Photo by Nural Alam, ADPC
The eight-story reinforced-concrete building near Dhaka had three illegal floors and a fourth on the way; further, it was built for a commercial occupancy but used as a factory.

A rapid structural assessment of the fatal collapse of an eight-story reinforced-concrete building near Dhaka, Bangladesh, uncovered major flaws in the building’s construction and multiple causes for the April 24 disaster. The building in Savar had been turned into a garment factory. To date, there have been more than 700 fatalities. The death toll is expected to rise to 1,000.

The tragedy has triggered a review of factories in Bangladesh, which exports $20 billion worth of garments annually. Original plans and structural drawings of buildings associated with members of the Bangladesh Garment Manufacturers and Exporters Association have been taken over by the Bangladesh Army for a review for modification, rectification or shutdown.

“We have already checked around 30 buildings, and around 70% are not up to the mark,” says Mehedi Ahmed Ansary, a professor in the department of civil engineering at the Bangladesh University of Engineering and Technology.

Sources report that the disaster was the result of questionable practices—for example, cutting corners to save money and a contempt for building regulations—that are common to the country and the region. Ninety percent of the buildings in Bangladesh do not follow the construction code, says Ansary.     

At the Savar building, poor workmanship, overloaded upper stories, low-strength materials, an abnormal column layout and lack of load-path continuity contributed to the failure, according to the Dhaka-based Asian Disaster Preparedness Center (ADPC), which prepared the assessment.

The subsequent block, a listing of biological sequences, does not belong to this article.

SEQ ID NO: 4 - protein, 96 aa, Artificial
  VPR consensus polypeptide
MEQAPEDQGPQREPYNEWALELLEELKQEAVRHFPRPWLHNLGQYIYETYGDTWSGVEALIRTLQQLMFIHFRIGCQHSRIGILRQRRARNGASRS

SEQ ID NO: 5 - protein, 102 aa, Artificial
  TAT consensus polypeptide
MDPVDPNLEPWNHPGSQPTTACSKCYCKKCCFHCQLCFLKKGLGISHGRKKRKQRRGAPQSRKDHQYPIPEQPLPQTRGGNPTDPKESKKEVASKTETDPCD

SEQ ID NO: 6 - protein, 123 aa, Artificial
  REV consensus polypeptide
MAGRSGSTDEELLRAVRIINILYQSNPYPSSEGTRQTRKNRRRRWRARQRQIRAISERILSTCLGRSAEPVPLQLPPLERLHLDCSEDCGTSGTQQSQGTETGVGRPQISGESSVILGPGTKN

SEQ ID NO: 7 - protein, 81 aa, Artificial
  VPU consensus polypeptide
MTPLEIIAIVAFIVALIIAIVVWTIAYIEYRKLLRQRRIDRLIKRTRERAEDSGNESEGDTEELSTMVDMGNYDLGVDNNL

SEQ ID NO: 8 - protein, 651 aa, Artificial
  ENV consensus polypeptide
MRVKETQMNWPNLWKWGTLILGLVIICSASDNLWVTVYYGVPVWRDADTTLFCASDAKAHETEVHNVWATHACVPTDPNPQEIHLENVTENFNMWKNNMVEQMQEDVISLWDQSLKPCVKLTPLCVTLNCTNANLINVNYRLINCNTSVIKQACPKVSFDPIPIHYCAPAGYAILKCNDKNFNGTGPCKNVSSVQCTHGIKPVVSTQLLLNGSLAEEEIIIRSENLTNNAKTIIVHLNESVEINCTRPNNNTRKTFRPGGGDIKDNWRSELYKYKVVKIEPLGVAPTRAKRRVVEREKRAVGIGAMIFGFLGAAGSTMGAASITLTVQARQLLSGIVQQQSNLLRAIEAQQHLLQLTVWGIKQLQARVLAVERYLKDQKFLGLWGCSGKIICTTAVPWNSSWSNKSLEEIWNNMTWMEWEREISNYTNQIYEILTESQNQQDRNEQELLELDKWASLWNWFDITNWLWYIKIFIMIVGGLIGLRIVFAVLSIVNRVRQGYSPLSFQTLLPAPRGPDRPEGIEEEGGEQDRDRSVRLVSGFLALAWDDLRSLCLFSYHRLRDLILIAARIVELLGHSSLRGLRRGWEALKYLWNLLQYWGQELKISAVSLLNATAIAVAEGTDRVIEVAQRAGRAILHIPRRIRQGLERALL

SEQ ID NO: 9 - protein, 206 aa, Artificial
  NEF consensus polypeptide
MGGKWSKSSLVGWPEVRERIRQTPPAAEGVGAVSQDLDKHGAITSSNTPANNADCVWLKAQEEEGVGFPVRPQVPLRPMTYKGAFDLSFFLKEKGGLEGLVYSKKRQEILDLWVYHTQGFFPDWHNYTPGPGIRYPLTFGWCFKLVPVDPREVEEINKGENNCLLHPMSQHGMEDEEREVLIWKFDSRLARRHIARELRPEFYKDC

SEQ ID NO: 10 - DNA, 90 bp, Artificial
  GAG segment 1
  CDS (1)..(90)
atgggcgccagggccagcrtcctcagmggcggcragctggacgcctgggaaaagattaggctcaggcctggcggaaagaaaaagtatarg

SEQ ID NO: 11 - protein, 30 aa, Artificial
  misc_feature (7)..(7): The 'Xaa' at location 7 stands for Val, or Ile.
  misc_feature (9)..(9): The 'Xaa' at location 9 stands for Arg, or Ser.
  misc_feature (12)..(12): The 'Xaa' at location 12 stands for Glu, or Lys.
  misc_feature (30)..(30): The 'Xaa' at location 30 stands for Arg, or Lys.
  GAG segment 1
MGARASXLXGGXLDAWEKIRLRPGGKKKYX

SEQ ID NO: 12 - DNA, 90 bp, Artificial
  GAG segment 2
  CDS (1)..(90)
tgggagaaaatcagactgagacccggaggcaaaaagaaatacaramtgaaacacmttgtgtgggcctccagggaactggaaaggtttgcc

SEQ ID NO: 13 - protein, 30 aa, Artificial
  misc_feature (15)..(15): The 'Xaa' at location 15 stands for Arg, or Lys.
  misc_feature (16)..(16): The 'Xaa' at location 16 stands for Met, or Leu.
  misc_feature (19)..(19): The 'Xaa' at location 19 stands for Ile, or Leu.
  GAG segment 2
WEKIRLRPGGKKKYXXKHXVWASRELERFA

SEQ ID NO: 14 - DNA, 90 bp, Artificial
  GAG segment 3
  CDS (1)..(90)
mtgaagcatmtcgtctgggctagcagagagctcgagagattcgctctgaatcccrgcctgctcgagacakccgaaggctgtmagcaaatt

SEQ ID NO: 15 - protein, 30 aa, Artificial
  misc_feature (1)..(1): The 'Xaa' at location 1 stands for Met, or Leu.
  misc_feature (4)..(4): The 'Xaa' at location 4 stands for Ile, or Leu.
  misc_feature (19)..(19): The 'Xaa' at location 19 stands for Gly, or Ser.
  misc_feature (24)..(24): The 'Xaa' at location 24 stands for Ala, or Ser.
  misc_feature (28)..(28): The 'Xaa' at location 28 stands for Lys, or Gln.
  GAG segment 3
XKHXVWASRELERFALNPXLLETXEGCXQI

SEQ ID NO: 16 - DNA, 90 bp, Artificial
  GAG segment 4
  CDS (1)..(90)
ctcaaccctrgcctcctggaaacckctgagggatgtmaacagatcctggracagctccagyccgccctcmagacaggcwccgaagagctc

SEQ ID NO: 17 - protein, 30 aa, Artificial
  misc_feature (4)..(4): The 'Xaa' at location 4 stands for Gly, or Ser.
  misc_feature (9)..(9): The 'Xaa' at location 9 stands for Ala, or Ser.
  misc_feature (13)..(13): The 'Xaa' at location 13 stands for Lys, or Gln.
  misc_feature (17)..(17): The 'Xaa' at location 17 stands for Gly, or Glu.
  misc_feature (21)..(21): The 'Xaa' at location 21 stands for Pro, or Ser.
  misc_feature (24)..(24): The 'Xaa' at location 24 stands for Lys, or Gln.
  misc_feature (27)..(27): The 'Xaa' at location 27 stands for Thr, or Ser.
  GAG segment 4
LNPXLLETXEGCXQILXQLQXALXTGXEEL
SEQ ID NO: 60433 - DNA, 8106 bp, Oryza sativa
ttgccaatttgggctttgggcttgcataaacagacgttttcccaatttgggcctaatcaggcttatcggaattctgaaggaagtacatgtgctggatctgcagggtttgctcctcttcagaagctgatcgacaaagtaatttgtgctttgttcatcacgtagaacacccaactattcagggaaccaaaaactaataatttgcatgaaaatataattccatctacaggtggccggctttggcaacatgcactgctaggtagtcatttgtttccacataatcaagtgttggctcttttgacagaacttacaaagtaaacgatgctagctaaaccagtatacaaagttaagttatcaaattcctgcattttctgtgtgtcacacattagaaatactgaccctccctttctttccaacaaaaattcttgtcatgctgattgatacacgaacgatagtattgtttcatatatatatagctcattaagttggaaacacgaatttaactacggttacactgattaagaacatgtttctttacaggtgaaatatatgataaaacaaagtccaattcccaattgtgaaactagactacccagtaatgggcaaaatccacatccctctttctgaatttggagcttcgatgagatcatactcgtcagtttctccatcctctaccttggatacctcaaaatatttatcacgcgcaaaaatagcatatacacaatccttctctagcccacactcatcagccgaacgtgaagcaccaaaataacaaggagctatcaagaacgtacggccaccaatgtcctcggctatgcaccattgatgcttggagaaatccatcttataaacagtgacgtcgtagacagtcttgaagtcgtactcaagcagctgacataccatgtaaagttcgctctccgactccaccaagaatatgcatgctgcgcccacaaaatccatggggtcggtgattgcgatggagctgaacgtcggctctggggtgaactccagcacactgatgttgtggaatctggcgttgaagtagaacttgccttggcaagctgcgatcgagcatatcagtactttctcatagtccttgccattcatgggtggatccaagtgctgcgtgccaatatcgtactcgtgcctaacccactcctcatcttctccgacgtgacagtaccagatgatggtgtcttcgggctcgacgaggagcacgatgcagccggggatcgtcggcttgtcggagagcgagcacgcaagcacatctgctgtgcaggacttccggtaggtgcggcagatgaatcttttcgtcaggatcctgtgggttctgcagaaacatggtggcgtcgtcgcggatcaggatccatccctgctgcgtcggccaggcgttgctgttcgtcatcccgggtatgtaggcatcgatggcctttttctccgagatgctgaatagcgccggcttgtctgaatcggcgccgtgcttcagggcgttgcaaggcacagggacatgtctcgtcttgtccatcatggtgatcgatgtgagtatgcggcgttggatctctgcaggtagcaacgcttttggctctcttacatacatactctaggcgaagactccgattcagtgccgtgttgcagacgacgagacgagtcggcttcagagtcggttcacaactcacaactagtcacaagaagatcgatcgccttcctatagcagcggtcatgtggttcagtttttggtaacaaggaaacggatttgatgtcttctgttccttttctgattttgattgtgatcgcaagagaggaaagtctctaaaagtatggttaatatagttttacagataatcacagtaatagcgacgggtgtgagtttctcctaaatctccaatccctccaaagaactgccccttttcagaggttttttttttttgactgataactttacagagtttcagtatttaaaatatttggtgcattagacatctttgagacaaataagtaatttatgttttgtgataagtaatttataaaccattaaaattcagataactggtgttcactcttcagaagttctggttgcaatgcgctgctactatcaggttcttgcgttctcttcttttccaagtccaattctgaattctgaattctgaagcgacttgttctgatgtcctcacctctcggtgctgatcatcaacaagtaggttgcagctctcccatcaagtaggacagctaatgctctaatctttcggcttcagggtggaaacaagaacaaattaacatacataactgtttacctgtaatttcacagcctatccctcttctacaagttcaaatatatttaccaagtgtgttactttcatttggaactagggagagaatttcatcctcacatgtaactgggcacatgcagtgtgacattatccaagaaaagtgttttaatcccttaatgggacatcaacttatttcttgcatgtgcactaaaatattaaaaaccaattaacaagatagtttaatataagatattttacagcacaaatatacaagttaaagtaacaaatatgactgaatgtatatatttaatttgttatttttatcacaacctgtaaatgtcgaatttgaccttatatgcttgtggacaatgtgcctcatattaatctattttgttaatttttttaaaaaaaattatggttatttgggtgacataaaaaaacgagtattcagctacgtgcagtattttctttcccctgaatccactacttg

The original permit for the building, which had a one-level basement, was issued for a five-story building with a basement. Once completed in 2008, three more floors were added illegally. Further, the structure was designed for a commercial, not an industrial, occupancy.

At the time of the collapse, another upper floor was under construction. Observers speculate that the added construction loads might have triggered the collapse.

Even in the original construction, there was less reinforcing steel in the structure than specified in the building’s plans. A column on the ninth floor was found with less longitudinal reinforcement, says Nurul Alam, ADPC’s senior structural engineer. In addition, the owner used brick chips instead of stone chips as concrete aggregate.

Columns, 15-in. squares in plan, “should have been [20 in. x 20 in.] for a nine-story building,” Alam adds. A load imbalance in the upper floors from the weight of six generators—weighing nine tons each and all in use at the time of collapse—could have been a major contributor, he says.

The ADPC currently is conducting non-destructive column and beam tests using rebound hammers and ultrasonic machines. It is likely the average strength of one column will be a true strength index (TSI) of about 1,600 against an average of 3,500 TSI.